Journal of Nursing Education

Syllabus Selection: Innovative Learning Activity Free

Cultivating Undergraduate Community Assessment Projects Through Civic and Cooperative Extension Partnerships

Libba Reed McMillan, PhD, RN; Linda Gibson Young, PhD, FAANP; Ken McMillan, PhD, CPA

Undergraduate baccalaureate nursing students often struggle to select appropriate community assessment project topics due to unfamiliarity with assigned communities and failure to comprehend the target community's diverse culture and needs. Furthermore, students have restricted time to balance working constructively with preassigned groups and adequately assessing remote rural settings. These challenges occur simultaneously with students learning critical population health and community health nursing concepts. Students receive their group and rural county assignment at the beginning of nursing school. Each rural county is geographically located near the university (the county seat is typically within a 20- to 30-mile radius). First-semester activities center on the assessment phase, which includes conducting windshield surveys, site visits, and surveillance of health department data. The second semester includes planning and implementing a health promotion intervention. Third-semester activities include evaluation and dissemination of results or outcomes. Intervention topic selection was challenging for students; instead of addressing target population concerns, students preferred health promotion topics that were of interest or familiar to the student group or contained within a pre-designed list. Because of this gap, faculty piloted a student partnership model using a Civic Engagement Foundation ( and active partnership with a county Cooperative Extension Coordinator (CEC). The goal of the strategy is assisting students in the critical assessment phase—improving quality, relevance, and sustainability of the health promotion interventions. This article details how the students (n = 18) actively engaged in the partnership approach, successfully maximized community needs assessment, and designed interventions that were meaningful, impactful, and tailored to community citizens.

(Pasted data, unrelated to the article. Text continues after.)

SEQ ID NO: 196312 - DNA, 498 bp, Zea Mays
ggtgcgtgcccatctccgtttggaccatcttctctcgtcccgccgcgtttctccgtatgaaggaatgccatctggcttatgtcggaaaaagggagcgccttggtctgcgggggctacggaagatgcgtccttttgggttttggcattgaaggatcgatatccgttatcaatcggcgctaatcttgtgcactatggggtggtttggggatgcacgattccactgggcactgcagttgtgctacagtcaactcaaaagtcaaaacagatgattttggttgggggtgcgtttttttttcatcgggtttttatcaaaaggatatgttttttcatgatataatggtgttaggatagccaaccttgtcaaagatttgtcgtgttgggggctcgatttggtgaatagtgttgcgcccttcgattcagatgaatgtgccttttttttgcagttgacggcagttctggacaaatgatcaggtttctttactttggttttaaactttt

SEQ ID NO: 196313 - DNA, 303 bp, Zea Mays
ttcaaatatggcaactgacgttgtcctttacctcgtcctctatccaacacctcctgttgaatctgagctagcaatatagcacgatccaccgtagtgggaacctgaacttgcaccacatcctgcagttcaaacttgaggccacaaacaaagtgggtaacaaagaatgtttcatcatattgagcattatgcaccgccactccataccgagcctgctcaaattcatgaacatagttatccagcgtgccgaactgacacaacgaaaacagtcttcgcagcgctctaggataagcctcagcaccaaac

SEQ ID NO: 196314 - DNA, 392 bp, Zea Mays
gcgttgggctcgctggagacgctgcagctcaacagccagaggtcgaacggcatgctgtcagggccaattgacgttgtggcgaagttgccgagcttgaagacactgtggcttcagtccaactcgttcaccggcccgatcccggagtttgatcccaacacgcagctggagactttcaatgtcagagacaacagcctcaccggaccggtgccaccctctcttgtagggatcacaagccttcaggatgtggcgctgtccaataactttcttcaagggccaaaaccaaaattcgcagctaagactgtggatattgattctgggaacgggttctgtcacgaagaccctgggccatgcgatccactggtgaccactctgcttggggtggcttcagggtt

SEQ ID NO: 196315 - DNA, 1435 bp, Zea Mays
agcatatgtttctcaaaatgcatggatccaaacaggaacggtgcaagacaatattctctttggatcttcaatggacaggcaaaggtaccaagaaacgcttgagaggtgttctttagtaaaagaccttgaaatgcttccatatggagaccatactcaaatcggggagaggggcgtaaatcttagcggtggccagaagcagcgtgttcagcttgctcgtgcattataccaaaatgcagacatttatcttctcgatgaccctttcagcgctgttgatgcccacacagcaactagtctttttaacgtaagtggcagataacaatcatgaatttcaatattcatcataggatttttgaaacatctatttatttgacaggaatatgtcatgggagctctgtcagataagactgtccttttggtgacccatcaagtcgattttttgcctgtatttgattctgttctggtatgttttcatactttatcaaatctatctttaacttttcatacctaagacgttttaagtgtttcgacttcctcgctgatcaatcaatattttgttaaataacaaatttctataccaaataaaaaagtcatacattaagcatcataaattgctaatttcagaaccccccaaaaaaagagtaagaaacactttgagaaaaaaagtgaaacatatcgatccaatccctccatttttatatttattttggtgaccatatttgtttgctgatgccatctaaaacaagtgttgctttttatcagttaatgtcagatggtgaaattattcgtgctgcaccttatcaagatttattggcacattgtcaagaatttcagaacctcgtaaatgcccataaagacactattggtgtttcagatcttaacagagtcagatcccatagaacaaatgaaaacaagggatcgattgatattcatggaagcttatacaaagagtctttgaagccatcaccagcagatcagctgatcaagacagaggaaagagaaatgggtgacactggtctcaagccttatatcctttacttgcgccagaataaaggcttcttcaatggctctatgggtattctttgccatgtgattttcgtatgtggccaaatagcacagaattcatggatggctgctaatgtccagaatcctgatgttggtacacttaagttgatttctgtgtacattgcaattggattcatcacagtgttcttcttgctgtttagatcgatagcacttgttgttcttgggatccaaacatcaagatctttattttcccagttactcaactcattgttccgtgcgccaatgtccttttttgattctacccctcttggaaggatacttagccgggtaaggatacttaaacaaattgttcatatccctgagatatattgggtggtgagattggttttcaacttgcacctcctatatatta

CECs are the primary outreach leaders for the land grant mission in many universities. The mission was designed to prepare students for successful service to the citizens of the state through instructional, research, and outreach programs. An integral CEC strength includes a daily physical presence and credibility with families, communities, education and governmental leaders, and key businesses. Additionally, CECs provide science-based resources and direct education in nutrition, physical activity, and health. Thus, the faculty invited the partnering CEC to meet with three six-member community student groups assigned to the county. The CEC discussed county demographics, shared experiential data regarding extension and service provider resources, activities, needs, and programs. The CEC also provided salient community historical and cultural insights, as well as potential points-of-contact background information to assist them in understanding the assigned community's strengths and challenges. Additionally, students received transcripts from recent Civic Engagement Foundation forums titled The Civic Health Index. This resource, derived from three CEC-scheduled community forum results, assessed citizen engagement, identified priority issues and community strengths, and facilitated community members in constructing solutions to salient community challenges. Forum questions included:

  • Where are we now?
  • Where do we want to go?
  • How do we get there?

Public deliberation forums enable community members to discuss salient, local issues and work together toward collective action. Attendees included community members, school administrators and teachers, service providers, civic members, elected and appointed officials, and clergy. Student evaluation of qualitative data from a five-question community assessment project evaluation tool were overwhelmingly positive. The tool evaluated student perception of the partnership model's effectiveness in meeting course objectives, assisting with increasing confidence in understanding the community, and constructing relevant health promotion interventions. An anecdotal comment included:

From the partnership, I learned the value of collaboration with professionals that have an established active presence within the community.

Student feedback also indicated increased health promotion intervention goal accomplishments, largely by mitigating their sense of “being an outsider.” Student analysis of the community forum data increased student perception of “credibility in speaking with parents, school administrators, teachers, and civically engaged stakeholders regarding prominent community issues.” This model provides opportunities for nursing students to apply the art and science of civic engagement in health promotion interventions.

Libba Reed McMillan, PhD, RN

Linda Gibson Young, PhD, FAANP
Ken McMillan, PhD, CPA
Auburn University


The authors have disclosed no potential conflicts of interest, financial or otherwise.


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